IntroductionI first got interested in simple perfect squared rectangles after reading a problem posted at the prime puzzle web-site. What's neat about this problem is that tiling a rectangle with squares (a problem with geometric constraints), also is a problem of arithmetic (adding squares of numbers). The problem title has a very specific meaning: simple - no sub-blocks that form rectangles perfect - each square that is used in the tiling is used just once squared - the rectangle is covered by non-overlapping squares Here's an example of a 32x33 rectangle: The picture above says that the 32x33 rectangle is tiled by 9 squares, 1x1, 4x4, 7x7, 8x8, 9x9, 10x10, 14x14, 15x15, 18x18. It also says that `32x33 = 1056` `= 1^2 + 4^2 + 7^2 + 8^2 + 9^2 + 10^2 + 14^2 + 15^2 + 18^2` `= 1 + 16 + 49 + 64 + 81 + 100 + 196 + 225 + 324` `= 1056` Here's an example of a 47x65 rectangle The picture above says that the 47x65 rectangle is tiled by 10 squares, 3x3, 5x5, 6x6, 11x11, 17x17, 19x19, 22x22, 23x23, 24x24, 25x25. It also says that `47x65 = 3055` `= 3^2 + 5^2 + 6^2 + 11^2 + 17^2 + 19^2 + 22^2 + 23^2 + 24^2 + 25^2` `= 9 + 25 + 36 + 121 + 289 + 361 + 484 + 529 + 576 + 625` `= 3055` Bouwkamp CodesBouwkamp codes are an easy way to describe the dissection of the rectangle into square tiles. The first set in parenthesis corresponds to the first row in the rectangle. The set in the next parenthesis contain squares that fit in the first available row/column, where they all fit on the same row. For example, consider the 32x33 rectangle, which has 4 dissections, - "(9, 10, 14) (8, 1) (7, 4) (18) (15)"
- "(14, 10, 9) (1, 8) (4, 7) (18) (15)"
- "(15, 18) (8, 7) (4, 14) (1, 10) (9)"
- "(18, 15) (7, 8) (14, 4) (10, 1) (9)"
The first two are left-right reflections of each other, the last two are left-right reflections of each other, but they are also top-bottom reflections of the first two. The first dissection was shown above, here are the remaining three. They are nice to see as they illustrate the symmetry in the problem. Note how even though the first configuration and the second both end in (18) (15), that the actual decomposition shows that they are positioned opposite to each other (the square of size 18 is on the right in the picture above, and it is on the left in the picture below). AlgorithmThe program has a simple 2-d array of integers, that was allocated/free'd for each array size. A recursive algorithm was used to place squares of size 1x1 to size nxn, in position (0,0). It then calls itself to find the first available row/column, and select a square, different from the first.This procedure is subject to an explosive increase in the amount of work that needs to be done. If you have 5 squares to try, and all 5 fit into the box, then there are 5! = 120 possible configurations of distinct tiles. To see that, consider the following set of 5 squares, and the placement within a (linear) box. `--- --- --- --- ---` ` 1 2 3 4 5` Position 1 could receive 5 possible squares (1x1, 2x2, ..., 5x5), position 2 could accept any of the remaining 4 squares, position 3 could accept the remaining 3 squares, position 4 has 2 possibilities, and position 5 has just 1 left (after all the other squares have been placed). Now, consider the 32x33 rectangle which fits 9 squares. There are 32 possible square tiles, (1x1, ..., 32x32), and I need to choose 9 of them to see of they fit into the 32x33 rectangle. The number of ways to choose 9 square tiles from 32 is C(32, 9) = 32!/(23! x 9!) = 28,048,800, which can be done in a few seconds. For the 47x65 rectangle, which fits 10 squares,the number of ways to choose 10 square tiles from 47 is C(47, 10) = 47! / (37! x 10!) = 5,178,066,751, which took over 2 hours. Not mentioned was the fact that I don't know that there are only 9 square tiles that can fit in a 32x33 rectangle, (there could be 8 or 10), nor do I know if there are only 10 square tiles that fit in a 47x65 rectangle.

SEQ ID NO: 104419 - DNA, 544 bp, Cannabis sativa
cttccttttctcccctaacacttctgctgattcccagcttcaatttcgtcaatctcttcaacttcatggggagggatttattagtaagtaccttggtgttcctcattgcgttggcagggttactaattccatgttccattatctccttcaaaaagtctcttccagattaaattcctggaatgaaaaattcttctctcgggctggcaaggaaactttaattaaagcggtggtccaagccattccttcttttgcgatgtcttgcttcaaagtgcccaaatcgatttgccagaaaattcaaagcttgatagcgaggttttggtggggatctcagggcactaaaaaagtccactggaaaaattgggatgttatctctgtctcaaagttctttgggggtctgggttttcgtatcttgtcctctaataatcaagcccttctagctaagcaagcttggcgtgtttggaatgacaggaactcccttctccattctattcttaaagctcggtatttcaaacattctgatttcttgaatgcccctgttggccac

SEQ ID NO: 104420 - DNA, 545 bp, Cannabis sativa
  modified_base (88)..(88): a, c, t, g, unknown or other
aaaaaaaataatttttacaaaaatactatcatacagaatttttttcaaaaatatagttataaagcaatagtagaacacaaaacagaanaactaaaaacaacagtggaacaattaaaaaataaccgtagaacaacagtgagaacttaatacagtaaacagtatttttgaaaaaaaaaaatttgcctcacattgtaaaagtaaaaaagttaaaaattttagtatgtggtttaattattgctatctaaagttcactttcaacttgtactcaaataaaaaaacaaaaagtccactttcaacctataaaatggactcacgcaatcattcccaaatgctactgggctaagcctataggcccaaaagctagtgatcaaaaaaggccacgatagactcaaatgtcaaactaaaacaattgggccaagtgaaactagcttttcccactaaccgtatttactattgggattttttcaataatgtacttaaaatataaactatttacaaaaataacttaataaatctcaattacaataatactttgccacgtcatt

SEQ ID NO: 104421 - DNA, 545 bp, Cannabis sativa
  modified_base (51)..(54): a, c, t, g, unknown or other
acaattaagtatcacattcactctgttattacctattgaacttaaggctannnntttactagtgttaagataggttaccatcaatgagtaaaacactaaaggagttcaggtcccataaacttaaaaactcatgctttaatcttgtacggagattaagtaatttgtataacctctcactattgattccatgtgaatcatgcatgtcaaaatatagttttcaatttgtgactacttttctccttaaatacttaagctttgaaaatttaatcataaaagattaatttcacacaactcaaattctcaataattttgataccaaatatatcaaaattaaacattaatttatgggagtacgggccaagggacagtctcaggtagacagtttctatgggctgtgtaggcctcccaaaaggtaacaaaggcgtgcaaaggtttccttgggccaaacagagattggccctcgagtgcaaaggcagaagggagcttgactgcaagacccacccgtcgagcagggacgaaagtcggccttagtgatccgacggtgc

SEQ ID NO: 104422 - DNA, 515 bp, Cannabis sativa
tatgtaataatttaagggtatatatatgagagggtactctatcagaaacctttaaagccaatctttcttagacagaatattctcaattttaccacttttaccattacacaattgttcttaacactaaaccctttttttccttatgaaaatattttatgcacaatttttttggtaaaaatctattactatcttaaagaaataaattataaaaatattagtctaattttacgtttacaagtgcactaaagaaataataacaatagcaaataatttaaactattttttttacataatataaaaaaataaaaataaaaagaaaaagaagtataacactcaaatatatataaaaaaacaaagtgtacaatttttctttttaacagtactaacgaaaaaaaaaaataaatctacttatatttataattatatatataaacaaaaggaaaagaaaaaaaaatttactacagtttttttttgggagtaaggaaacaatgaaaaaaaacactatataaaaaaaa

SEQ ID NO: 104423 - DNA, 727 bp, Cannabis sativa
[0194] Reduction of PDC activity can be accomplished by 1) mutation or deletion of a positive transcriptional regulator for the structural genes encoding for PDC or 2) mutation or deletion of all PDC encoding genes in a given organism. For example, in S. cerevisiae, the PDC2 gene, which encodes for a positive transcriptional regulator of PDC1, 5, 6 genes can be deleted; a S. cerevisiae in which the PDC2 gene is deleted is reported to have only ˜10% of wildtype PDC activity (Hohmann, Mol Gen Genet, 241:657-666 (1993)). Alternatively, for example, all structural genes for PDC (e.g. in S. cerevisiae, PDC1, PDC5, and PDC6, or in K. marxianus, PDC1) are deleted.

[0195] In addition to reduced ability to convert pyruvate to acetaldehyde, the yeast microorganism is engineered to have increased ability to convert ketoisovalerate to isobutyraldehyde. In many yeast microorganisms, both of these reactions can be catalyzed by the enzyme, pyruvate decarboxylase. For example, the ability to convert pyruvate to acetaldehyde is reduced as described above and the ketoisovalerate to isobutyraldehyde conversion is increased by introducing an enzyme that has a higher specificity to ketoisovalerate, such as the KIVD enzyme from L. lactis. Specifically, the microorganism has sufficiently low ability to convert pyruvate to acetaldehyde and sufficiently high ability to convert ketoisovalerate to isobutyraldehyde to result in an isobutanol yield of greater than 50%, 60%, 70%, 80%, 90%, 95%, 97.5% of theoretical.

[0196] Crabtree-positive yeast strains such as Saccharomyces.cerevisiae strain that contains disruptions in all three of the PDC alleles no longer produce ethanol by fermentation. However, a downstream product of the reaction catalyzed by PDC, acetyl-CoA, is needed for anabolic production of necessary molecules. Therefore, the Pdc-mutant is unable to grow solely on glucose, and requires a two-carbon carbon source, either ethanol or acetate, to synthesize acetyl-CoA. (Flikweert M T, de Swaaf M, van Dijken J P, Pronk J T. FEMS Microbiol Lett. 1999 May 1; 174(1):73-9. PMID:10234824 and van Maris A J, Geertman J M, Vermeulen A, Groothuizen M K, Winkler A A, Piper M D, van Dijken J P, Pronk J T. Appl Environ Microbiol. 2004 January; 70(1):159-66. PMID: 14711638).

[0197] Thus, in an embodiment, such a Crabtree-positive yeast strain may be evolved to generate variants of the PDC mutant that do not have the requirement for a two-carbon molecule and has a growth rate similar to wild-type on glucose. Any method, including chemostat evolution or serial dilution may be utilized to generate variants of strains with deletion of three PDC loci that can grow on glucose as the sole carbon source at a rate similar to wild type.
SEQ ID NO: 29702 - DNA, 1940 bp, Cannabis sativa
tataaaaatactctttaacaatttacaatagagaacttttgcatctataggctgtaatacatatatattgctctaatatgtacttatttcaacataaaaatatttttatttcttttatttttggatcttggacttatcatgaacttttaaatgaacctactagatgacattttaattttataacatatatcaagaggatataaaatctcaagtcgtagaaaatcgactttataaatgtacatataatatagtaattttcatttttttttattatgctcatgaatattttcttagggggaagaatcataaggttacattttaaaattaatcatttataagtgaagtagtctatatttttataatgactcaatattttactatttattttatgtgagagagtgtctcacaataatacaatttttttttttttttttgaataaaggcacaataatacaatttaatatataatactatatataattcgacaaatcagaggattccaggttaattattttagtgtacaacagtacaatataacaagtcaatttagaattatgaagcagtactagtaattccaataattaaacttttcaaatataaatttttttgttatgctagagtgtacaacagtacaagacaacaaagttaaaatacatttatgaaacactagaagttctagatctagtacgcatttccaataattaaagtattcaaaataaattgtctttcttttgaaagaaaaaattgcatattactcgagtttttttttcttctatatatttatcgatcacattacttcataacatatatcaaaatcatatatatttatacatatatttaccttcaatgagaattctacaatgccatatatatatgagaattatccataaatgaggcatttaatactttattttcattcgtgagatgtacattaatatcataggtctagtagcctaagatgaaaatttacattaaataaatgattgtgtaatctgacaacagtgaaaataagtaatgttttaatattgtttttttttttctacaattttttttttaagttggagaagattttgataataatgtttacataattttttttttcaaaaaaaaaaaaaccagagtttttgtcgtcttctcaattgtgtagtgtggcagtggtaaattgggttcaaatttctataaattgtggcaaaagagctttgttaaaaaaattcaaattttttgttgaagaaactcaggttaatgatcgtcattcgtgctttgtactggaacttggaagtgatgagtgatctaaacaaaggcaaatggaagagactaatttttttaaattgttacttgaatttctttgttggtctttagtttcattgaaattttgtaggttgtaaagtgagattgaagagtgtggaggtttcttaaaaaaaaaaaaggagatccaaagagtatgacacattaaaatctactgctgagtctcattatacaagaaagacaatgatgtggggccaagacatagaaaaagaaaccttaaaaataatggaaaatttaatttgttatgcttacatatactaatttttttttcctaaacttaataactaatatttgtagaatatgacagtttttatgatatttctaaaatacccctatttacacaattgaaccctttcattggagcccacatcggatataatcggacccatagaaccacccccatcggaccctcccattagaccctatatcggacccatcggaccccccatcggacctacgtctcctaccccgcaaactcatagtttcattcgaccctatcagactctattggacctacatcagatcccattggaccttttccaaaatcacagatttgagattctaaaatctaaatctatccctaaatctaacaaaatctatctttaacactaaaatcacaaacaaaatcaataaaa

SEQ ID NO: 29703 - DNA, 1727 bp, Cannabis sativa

Perfect Square Dissection - great introduction to simple perfect squared dissection at Mathworld Squaring.net - website devoted to tilings by squares and triangles. Squaring the Square - a nice article which shows how to use electrical networks to find simple perfect squared rectangles. Electronic Computation of Squared Rectangles - A. J. W. Duijvestijn (thesis), a very well written explanation of using planar electrical networks to speed up the computation. last updated July 27, 2011 |